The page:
“Everything, Everything” Is A Beautiful New Kind Of Teen Romantic Drama: BUST Review

by Erika W. Smith

Out last Friday, the new teen romantic drama Everything, Everything is different from the usual John Green adaptations you usually see onscreen. And that’s for two reasons.

The first is the fact that the film takes place largely in its main character’s imagination, and director Stella Meghie turns these daydreams into scenes that are visually stunning, charmingly funny, and occasionally heartbreaking – and star Amandla Stenberg carries these scenes beautifully.

The second is the fact that this teen romantic drama, based on the bestselling YA novel by Nicola Yoon, stars a young black person, is directed by a black woman, is based on a book by a black woman, has a diverse cast, and has an interracial love story at its center. In a perfect world, this would be unremarkable; but as it is, it’s revolutionary. (Note: Stenberg is non-binary and has asked that people use she/her pronouns when writing about her.)

But even if Everything, Everything was not a rarity in this, the film would still be well worth seeing.

The film takes place in the present or near future. Our main character, 18-year-old Maddy, has an immunodeficiency disorder called SCID that means that she is allergic to “everything” – to the point that she hasn’t left the house since she was a baby. Although she takes classes and is in a support group online, the only people she spends time with in person are her mother, who is also her doctor, Pauline (Anika Noni Rose); her nurse, Carla (Ana de la Reguera), and Carla’s daughter, who is around Maddy’s age, Rosa (Danube Hermosillo). Maddy dreams of seeing the ocean, but for the most part is content with her life – that is, until her new neighbors move in.

Maddy and her new neighbor, the brooding and handsome Olly (Nick Robinson), immediately catch each other’s attention. Like a Taylor Swift music video, they get to know each other by waving and by trading handwritten messages on paper held up to their bedroom windows, which face each other – as well as by texting and phone calls. Meghie does something ingenious with these texts; we go back and forth from seeing Maddy and Olly with their phones to seeing them communicating in Maddy’s imagination. Maddy mentally inserts herself and Olly into the models she’s made for her online architecture class; while they’re texting, we see them flirting in a booth in a model diner, or fighting in a model library.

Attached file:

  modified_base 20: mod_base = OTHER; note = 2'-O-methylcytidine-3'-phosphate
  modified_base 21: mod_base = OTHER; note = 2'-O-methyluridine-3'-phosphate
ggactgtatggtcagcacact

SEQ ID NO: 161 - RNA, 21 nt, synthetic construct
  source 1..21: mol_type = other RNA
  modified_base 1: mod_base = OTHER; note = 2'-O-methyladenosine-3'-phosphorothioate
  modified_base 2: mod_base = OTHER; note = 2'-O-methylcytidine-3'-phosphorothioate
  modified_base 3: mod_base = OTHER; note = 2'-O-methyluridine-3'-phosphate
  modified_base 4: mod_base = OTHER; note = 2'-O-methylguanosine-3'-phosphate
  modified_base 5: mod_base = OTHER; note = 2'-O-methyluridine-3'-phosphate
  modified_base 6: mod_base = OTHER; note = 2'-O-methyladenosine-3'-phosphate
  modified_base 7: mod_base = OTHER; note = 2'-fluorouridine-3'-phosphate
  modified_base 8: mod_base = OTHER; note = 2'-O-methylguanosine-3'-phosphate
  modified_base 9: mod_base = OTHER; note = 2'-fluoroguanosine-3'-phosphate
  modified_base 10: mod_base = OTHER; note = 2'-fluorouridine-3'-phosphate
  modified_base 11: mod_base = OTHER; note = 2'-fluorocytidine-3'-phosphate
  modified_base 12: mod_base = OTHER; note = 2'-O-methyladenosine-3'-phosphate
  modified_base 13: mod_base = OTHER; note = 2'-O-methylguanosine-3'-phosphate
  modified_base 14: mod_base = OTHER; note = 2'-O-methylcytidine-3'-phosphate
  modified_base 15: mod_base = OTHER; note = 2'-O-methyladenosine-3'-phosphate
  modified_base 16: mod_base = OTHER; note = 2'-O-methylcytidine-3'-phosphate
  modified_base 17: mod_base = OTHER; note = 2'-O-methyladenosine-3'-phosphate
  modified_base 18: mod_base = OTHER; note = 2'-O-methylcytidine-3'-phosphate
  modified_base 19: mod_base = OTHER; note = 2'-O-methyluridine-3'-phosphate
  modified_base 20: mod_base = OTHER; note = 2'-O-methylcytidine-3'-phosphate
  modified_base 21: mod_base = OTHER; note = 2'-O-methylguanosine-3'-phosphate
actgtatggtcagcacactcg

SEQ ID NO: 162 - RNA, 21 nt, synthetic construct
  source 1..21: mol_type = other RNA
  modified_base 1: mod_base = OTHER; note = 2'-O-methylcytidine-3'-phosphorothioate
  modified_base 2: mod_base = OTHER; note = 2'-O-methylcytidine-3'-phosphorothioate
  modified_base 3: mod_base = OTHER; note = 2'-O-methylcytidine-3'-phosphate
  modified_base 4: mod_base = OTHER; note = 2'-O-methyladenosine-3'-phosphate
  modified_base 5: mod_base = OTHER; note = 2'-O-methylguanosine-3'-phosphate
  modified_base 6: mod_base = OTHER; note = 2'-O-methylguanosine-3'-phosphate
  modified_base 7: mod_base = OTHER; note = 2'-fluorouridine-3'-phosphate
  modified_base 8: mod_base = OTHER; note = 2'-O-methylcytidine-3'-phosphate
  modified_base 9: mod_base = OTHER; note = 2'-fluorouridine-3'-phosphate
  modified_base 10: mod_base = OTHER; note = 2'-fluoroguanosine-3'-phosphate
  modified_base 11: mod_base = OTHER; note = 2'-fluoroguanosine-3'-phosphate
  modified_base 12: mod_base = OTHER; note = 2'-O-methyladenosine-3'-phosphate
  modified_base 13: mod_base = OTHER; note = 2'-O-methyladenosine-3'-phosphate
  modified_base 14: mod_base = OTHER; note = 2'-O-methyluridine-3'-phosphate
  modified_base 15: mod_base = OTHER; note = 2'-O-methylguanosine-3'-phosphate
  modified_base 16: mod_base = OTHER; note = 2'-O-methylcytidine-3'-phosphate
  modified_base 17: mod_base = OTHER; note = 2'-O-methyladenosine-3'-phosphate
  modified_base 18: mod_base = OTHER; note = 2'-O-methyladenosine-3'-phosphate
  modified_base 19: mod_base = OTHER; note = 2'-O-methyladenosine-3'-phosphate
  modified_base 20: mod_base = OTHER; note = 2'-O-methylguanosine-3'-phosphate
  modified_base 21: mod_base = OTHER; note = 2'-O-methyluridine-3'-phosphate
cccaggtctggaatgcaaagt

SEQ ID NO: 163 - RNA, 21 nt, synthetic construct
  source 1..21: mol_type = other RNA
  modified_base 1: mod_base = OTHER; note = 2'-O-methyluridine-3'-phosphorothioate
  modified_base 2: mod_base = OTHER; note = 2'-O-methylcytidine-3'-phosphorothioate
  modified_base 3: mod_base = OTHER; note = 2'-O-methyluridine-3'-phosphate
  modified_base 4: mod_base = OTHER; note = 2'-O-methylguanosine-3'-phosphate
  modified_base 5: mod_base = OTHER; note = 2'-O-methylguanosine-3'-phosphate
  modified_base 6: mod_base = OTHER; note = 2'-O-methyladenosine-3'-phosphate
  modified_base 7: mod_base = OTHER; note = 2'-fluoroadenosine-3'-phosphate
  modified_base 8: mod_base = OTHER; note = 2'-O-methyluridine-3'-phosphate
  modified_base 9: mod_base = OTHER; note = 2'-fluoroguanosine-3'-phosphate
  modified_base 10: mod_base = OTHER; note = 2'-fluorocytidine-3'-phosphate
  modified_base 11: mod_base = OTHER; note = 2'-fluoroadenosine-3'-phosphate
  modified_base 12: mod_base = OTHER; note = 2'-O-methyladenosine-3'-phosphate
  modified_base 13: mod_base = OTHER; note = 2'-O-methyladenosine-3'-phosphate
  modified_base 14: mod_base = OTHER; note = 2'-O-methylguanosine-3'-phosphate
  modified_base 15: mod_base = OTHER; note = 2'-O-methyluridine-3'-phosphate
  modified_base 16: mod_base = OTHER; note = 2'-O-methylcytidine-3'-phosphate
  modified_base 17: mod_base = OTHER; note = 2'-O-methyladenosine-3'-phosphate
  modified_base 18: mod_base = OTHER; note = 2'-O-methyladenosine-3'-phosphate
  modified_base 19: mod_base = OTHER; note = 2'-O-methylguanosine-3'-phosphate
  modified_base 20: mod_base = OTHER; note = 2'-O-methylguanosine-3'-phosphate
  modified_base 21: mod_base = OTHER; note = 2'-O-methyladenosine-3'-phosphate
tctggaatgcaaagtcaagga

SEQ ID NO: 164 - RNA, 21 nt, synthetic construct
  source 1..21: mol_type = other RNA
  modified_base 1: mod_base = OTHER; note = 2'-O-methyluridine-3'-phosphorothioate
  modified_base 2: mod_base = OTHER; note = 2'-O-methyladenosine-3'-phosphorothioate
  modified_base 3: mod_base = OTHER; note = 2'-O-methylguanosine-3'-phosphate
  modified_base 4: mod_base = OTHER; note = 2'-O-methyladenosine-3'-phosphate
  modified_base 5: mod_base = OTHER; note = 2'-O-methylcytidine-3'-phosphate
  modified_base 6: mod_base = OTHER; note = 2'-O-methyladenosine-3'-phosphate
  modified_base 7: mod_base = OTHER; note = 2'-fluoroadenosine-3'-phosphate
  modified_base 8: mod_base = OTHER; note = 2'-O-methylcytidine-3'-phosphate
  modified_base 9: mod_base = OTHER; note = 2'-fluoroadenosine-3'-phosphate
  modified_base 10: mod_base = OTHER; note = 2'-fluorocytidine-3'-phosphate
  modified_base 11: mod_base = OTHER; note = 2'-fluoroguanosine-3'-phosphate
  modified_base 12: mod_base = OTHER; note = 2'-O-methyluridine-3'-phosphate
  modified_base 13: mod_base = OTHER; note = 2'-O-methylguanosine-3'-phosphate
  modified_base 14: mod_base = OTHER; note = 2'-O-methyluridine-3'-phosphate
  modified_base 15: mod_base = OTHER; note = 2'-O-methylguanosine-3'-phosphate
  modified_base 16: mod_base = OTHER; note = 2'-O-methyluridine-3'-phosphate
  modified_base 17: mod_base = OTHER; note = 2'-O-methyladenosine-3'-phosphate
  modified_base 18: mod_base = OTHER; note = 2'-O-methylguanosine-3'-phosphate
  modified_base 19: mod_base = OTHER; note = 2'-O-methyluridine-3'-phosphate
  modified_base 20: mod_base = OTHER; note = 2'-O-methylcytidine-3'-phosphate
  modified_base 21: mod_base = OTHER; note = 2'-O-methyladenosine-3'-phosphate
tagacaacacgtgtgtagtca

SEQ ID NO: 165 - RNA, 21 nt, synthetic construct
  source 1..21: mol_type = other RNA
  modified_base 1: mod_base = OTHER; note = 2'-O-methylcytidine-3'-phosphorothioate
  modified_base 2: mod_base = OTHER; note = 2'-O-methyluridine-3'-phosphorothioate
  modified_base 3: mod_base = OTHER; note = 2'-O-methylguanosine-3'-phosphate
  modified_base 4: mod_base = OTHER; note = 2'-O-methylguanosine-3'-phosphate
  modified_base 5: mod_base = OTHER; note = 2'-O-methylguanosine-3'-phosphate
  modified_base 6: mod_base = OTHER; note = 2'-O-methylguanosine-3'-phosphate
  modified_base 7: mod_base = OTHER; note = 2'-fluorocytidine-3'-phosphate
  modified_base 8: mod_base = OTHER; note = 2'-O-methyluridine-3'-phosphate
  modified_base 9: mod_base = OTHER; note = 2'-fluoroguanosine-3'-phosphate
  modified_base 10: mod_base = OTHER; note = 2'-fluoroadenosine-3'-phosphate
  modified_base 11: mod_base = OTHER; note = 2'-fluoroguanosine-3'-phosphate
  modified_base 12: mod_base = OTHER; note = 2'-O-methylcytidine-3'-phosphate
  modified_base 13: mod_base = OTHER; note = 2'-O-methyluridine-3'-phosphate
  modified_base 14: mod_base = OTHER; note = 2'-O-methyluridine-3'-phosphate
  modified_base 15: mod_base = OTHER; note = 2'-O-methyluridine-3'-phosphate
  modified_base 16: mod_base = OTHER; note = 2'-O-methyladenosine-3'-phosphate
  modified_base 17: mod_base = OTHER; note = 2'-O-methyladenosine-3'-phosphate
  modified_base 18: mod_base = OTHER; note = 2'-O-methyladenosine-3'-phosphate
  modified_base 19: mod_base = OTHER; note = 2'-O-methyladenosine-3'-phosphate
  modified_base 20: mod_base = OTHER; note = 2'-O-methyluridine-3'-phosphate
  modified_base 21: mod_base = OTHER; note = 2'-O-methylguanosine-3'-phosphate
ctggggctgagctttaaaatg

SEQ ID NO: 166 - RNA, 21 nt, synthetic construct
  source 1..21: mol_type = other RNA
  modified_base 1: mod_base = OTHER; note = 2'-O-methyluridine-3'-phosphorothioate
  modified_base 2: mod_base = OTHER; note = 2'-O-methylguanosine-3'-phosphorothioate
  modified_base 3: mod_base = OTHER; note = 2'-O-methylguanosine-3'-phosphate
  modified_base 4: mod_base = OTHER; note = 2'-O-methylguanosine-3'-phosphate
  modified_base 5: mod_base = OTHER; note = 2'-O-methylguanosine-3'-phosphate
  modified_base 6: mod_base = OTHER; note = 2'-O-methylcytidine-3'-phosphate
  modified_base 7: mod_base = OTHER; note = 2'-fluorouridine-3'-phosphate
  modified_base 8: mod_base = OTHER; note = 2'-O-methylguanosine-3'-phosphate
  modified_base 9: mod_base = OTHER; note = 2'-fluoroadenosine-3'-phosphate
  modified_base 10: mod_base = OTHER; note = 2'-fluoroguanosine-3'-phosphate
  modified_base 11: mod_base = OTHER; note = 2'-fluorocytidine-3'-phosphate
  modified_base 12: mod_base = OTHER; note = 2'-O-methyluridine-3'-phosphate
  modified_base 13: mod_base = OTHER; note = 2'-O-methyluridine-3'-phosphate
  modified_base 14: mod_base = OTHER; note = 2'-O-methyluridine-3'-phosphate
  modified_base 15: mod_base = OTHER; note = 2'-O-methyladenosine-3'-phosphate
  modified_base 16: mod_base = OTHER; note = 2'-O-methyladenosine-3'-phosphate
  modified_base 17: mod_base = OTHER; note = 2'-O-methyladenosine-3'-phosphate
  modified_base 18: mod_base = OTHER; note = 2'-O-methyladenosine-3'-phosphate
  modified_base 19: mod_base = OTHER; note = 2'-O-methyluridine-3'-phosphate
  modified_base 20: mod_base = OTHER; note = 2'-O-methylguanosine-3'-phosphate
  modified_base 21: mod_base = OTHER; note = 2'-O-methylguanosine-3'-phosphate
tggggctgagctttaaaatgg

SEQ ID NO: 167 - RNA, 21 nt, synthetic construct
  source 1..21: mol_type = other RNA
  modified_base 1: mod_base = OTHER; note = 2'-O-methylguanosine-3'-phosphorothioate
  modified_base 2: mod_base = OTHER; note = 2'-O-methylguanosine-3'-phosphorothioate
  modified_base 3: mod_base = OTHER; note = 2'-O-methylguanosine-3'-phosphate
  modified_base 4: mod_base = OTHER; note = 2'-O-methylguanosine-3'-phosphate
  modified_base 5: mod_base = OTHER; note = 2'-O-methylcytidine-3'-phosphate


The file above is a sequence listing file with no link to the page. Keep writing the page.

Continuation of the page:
Maddy and Olly, of course, fall in love. And as she falls in love, Maddy becomes increasingly unhappy with her life cooped up inside; she plots ways to see Olly in person, and eventually, to leave her house and see the ocean. As Maddy’s relationship with Olly develops and as she ventures into the world outside, she also learns more about why she’s been trapped inside her whole life. 

I saw Everything, Everything in a theater with a few rows of critics, and a dozen rows of the film’s target audience – teenage girls, many of them with their moms. And while I definitely thoroughly enjoyed the film and would recommend it, these girls L O V E D this movie. They cheered at Maddy’s best lines, and “ooohed” at the kissing scenes, and I bet that many of them will be back to see it again.

If you love romantic dramas, or YA novels, or Amandla Stenberg, or visually creative films, then see this movie. And consider seeing it, too, if you aren’t a huge fan of any of these things, but want to see more movies of all kinds made by and starring women of color.

Or listen to star Amandla Stenberg, who on Instagram wrote:

Go see it for the magical realism

Go see it for the dreamy pastel colors and outfits

Go see it for the lyrical cinematography

Go see it for natural hair and black beauty

Go see it for elevated smarter teen romance

Go see it for the plot twist 😉

Go see it for nuanced black mother daughter relationships

Go see it for the sick soundtrack including @theinternet @macdemarco @alabama_shakes @kehlani and me! 

Go see it because it was created by black women. @stellameghie @nicolayoon

Go see it for the normalization of blackness.

Go see it because we demand to be represented.

Go see it because we #INFILTRATE

Go see it to have fun!

These are the reasons why Everything Everything is so important to me. I hope you love it as much as I do.

Top photo: still from Everything, Everything

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Founded in 1993, BUST is the inclusive feminist lifestyle trailblazer offering a unique mix of humor, female-focused entertainment, uncensored personal stories, and candid reporting that tells the truth about women’s lives.

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